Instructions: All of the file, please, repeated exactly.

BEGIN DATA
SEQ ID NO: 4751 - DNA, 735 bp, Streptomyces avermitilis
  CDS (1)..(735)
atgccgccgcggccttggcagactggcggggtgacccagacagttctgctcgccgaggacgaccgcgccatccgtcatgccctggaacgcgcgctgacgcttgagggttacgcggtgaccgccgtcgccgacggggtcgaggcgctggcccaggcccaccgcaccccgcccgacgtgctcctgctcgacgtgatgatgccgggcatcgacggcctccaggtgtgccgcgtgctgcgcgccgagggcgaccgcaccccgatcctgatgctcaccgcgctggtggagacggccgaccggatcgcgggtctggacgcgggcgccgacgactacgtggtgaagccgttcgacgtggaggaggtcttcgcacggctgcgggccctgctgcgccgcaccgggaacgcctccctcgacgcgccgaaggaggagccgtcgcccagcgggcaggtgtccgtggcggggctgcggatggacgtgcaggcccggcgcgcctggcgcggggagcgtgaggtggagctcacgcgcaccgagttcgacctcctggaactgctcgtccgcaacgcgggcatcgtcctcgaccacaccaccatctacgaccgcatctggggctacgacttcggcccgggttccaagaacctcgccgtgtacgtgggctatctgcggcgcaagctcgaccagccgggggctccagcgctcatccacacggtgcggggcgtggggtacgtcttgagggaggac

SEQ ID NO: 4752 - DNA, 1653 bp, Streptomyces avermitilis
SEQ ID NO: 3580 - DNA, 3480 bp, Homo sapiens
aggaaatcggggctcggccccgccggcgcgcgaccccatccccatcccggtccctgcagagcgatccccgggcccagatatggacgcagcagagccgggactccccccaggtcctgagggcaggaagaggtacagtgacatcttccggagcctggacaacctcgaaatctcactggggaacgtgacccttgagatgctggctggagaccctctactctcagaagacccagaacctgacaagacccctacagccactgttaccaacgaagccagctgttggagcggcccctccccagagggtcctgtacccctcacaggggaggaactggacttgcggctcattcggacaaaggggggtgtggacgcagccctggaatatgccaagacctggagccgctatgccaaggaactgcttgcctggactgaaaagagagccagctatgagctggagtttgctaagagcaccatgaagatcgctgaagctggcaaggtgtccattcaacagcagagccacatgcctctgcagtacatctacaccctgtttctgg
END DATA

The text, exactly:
SEQ ID NO: 4751 - DNA, 735 bp, Streptomyces avermitilis
  CDS (1)..(735)
atgccgccgcggccttggcagactggcggggtgacccagacagttctgctcgccgaggacgaccgcgccatccgtcatgccctggaacgcgcgctgacgcttgagggttacgcggtgaccgccgtcgccgacggggtcgaggcgctggcccaggcccaccgcaccccgcccgacgtgctcctgctcgacgtgatgatgccgggcatcgacggcctccaggtgtgccgcgtgctgcgcgccgagggcgaccgcaccccgatcctgatgctcaccgcgctggtggagacggccgaccggatcgcgggtctggacgcgggcgccgacgactacgtggtgaagccgttcgacgtggaggaggtcttcgcacggctgcgggccctgctgcgccgcaccgggaacgcctccctcgacgcgccgaaggaggagccgtcgcccagcgggcaggtgtccgtggcggggctgcggatggacgtgcaggcccggcgcgcctggcgcggggagcgtgaggtggagctcacgcgcaccgagttcgacctcctggaactgctcgtccgcaacgcgggcatcgtcctcgaccacaccaccatctacgaccgcatctggggctacgacttcggcccgggttccaagaacctcgccgtgtacgtgggctatctgcggcgcaagctcgaccagccgggggctccagcgctcatccacacggtgcggggcgtggggtacgtcttgagggaggac

SEQ ID NO: 4752 - DNA, 1653 bp, Streptomyces avermitilis
SEQ ID NO: 3580 - DNA, 3480 bp, Homo sapiens
aggaaatcggggctcggccccgccggcgcgcgaccccatccccatcccggtccctgcagagcgatccccgggcccagatatggacgcagcagagccgggactccccccaggtcctgagggcaggaagaggtacagtgacatcttccggagcctggacaacctcgaaatctcactggggaacgtgacccttgagatgctggctggagaccctctactctcagaagacccagaacctgacaagacccctacagccactgttaccaacgaagccagctgttggagcggcccctccccagagggtcctgtacccctcacaggggaggaactggacttgcggctcattcggacaaaggggggtgtggacgcagccctggaatatgccaagacctggagccgctatgccaaggaactgcttgcctggactgaaaagagagccagctatgagctggagtttgctaagagcaccatgaagatcgctgaagctggcaaggtgtccattcaacagcagagccacatgcctctgcagtacatctacaccctgtttctgg